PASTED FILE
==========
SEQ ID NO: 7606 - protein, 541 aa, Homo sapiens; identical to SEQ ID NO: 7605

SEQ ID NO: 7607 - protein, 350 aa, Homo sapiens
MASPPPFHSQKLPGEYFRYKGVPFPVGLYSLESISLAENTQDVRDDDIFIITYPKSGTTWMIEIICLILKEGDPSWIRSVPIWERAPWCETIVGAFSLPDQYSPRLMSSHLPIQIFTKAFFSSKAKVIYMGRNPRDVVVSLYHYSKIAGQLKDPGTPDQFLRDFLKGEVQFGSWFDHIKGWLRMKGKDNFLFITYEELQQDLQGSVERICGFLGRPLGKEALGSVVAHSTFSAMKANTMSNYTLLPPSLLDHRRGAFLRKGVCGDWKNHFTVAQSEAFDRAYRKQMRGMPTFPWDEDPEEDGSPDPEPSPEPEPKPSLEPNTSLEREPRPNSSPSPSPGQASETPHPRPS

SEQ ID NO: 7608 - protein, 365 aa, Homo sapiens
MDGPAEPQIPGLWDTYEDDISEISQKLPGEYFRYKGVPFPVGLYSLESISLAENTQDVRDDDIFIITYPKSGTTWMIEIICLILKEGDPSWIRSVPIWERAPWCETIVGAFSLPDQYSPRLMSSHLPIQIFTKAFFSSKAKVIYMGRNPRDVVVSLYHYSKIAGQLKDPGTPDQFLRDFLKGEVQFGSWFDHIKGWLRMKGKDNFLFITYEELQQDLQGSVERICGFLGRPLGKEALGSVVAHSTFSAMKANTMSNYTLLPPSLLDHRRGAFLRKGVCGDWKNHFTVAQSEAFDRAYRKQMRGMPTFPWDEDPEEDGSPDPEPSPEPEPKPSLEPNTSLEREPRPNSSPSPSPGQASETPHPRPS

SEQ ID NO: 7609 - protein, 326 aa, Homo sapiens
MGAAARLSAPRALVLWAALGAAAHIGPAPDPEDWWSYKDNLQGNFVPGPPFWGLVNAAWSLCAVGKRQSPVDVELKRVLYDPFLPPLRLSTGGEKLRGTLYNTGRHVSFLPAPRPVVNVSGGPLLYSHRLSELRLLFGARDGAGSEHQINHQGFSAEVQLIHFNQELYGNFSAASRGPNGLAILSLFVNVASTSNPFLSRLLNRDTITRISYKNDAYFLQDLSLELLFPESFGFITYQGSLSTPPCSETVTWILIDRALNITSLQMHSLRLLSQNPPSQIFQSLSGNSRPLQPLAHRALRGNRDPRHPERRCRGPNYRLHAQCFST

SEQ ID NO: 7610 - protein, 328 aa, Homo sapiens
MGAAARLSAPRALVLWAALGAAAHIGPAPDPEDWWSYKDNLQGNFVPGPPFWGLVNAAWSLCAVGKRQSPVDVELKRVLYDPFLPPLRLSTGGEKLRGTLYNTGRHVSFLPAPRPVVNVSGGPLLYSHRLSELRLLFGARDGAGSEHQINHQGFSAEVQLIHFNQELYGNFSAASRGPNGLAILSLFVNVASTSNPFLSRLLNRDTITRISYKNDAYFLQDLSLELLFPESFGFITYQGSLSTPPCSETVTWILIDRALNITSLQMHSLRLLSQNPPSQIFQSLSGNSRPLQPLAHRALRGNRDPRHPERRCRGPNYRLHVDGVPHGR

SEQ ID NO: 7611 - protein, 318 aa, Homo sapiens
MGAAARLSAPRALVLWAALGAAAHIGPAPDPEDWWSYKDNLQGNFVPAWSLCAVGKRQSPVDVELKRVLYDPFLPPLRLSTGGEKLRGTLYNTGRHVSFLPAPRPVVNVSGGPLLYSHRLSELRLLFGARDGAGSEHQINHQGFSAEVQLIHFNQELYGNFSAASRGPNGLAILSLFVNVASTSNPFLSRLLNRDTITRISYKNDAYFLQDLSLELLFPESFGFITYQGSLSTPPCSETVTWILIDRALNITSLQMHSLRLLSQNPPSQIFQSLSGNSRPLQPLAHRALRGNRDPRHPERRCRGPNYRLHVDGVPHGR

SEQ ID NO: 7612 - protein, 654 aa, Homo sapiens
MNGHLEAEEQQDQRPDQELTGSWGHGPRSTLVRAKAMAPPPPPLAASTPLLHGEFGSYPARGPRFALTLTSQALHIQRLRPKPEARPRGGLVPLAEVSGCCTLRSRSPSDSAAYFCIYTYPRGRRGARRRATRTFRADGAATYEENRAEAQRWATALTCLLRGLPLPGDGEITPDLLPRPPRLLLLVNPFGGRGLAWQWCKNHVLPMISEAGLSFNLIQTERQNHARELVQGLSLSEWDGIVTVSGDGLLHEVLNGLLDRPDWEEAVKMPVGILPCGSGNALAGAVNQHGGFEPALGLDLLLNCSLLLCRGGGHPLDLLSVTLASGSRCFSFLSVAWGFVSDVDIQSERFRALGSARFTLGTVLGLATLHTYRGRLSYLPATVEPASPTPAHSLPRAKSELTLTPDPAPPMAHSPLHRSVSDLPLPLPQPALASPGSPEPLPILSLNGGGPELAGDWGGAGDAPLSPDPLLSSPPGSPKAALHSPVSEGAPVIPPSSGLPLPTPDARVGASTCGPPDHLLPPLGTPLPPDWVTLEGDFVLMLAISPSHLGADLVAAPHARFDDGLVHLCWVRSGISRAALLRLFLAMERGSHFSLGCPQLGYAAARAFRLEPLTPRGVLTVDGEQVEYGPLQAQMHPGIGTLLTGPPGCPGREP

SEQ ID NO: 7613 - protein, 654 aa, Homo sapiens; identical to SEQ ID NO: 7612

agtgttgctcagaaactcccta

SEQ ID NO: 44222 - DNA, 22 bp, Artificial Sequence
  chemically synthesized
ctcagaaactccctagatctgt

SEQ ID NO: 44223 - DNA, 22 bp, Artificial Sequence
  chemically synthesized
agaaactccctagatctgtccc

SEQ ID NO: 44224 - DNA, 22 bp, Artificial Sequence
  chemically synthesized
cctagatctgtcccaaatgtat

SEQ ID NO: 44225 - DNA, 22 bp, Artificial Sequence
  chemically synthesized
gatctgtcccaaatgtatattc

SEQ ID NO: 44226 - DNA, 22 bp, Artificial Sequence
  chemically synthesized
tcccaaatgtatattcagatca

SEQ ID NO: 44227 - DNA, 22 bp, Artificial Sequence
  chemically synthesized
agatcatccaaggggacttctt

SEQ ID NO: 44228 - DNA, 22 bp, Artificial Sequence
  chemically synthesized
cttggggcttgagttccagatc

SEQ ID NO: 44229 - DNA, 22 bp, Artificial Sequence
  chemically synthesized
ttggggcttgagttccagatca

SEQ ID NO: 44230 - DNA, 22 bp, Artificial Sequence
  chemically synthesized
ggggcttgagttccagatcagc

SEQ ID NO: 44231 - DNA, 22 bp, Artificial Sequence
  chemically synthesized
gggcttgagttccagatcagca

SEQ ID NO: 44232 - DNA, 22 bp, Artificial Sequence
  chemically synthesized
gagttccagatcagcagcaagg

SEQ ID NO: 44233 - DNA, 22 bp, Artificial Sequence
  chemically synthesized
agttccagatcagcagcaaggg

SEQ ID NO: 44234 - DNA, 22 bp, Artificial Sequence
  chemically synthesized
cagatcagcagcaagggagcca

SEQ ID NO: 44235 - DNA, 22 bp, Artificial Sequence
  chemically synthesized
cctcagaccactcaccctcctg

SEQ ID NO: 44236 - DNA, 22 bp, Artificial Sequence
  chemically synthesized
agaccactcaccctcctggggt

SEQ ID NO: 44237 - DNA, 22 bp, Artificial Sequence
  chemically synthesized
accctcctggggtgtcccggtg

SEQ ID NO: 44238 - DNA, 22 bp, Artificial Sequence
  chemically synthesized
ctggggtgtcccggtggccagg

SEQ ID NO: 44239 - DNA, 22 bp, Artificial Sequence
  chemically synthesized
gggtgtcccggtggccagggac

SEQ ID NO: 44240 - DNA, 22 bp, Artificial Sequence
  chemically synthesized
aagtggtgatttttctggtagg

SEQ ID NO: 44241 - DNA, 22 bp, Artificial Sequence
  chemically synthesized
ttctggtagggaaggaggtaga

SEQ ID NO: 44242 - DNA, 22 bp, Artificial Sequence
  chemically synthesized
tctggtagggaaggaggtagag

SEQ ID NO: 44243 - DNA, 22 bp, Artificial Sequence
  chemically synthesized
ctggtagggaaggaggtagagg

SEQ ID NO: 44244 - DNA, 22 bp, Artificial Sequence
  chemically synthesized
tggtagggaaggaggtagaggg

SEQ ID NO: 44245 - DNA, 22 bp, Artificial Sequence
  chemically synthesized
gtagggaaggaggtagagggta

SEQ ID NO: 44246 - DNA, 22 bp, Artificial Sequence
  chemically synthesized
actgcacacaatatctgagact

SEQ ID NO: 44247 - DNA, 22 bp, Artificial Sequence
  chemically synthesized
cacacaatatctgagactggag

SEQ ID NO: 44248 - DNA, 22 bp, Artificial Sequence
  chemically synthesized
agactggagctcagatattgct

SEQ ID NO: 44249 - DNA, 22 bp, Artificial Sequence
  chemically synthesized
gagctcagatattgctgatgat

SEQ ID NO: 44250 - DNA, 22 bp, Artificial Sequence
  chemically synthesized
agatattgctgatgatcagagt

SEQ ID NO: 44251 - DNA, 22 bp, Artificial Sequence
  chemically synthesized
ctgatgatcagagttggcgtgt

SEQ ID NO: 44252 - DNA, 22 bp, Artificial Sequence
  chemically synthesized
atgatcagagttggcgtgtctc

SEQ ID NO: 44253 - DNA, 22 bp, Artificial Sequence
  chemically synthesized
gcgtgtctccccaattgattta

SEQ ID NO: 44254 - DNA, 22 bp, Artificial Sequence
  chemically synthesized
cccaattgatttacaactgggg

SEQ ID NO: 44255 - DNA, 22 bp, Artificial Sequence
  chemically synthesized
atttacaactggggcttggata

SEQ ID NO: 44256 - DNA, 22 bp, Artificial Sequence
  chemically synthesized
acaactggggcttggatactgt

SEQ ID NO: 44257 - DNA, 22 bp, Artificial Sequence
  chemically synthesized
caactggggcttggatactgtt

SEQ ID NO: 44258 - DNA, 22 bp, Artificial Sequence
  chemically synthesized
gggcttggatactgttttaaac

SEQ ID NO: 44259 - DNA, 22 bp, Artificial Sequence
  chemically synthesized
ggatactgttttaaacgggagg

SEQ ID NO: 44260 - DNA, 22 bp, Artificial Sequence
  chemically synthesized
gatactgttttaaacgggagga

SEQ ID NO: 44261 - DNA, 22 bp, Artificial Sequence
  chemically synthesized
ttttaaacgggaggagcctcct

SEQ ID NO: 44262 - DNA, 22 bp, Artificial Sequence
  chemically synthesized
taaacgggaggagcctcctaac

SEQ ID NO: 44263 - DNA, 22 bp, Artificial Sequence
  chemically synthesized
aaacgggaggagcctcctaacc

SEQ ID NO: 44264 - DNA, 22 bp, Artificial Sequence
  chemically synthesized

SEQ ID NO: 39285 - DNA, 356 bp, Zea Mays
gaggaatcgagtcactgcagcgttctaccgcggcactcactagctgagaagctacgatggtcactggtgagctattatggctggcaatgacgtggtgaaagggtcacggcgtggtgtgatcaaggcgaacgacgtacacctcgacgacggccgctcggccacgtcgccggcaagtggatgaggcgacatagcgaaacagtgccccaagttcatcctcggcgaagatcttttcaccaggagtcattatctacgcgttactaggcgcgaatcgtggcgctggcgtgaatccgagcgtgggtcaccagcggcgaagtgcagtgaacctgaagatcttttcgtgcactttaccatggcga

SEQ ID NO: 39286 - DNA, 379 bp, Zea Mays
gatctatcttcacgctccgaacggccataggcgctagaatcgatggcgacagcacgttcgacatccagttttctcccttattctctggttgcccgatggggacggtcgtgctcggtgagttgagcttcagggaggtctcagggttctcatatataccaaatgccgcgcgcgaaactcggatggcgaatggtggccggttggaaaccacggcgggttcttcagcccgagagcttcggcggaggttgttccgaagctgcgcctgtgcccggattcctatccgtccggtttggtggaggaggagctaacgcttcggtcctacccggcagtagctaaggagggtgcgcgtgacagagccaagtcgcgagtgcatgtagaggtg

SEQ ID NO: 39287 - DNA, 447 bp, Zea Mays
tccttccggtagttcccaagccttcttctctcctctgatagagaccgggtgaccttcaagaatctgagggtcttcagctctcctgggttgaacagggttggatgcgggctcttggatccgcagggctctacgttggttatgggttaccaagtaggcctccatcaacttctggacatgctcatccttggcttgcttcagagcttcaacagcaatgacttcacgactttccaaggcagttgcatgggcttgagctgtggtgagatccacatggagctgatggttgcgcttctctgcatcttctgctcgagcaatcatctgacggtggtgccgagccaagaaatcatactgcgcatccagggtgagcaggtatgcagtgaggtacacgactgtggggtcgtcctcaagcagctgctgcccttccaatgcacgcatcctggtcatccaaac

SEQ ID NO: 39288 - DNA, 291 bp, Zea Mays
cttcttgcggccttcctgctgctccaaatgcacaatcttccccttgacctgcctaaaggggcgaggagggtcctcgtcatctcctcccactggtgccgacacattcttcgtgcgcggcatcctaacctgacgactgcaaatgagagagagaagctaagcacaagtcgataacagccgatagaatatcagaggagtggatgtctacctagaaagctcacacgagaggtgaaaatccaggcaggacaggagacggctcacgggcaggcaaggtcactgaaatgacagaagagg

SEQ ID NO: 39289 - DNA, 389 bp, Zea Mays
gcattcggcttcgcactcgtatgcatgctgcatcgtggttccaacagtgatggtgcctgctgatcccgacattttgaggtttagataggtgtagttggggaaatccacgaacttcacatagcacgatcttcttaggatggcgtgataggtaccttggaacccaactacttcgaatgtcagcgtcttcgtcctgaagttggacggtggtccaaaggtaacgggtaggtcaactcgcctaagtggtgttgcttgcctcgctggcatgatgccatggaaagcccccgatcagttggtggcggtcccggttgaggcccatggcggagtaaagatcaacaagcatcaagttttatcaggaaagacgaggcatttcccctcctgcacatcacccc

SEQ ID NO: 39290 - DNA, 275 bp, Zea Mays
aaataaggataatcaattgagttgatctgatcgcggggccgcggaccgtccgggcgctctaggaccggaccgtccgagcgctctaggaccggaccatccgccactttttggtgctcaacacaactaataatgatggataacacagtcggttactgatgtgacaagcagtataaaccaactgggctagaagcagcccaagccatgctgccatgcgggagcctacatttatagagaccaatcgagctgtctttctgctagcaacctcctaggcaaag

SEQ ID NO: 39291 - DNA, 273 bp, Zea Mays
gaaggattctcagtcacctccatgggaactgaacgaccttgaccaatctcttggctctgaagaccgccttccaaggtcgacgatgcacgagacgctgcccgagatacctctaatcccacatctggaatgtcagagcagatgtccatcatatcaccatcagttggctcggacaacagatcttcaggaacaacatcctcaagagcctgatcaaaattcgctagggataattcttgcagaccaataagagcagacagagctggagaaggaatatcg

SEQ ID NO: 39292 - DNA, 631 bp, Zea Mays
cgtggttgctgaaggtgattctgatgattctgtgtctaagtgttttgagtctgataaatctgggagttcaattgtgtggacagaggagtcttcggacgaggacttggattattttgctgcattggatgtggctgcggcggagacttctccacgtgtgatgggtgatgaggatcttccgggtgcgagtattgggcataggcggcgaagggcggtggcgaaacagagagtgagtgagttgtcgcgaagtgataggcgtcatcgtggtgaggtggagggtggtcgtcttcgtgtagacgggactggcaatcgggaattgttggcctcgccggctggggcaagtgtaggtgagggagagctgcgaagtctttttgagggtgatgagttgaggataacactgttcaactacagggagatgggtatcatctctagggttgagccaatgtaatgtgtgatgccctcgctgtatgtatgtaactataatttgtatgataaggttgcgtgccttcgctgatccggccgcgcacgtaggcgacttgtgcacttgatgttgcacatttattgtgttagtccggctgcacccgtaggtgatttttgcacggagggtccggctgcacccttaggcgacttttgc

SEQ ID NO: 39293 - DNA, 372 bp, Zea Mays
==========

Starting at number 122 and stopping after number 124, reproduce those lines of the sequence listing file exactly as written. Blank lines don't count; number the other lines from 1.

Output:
  chemically synthesized
caactggggcttggatactgtt

SEQ ID NO: 44258 - DNA, 22 bp, Artificial Sequence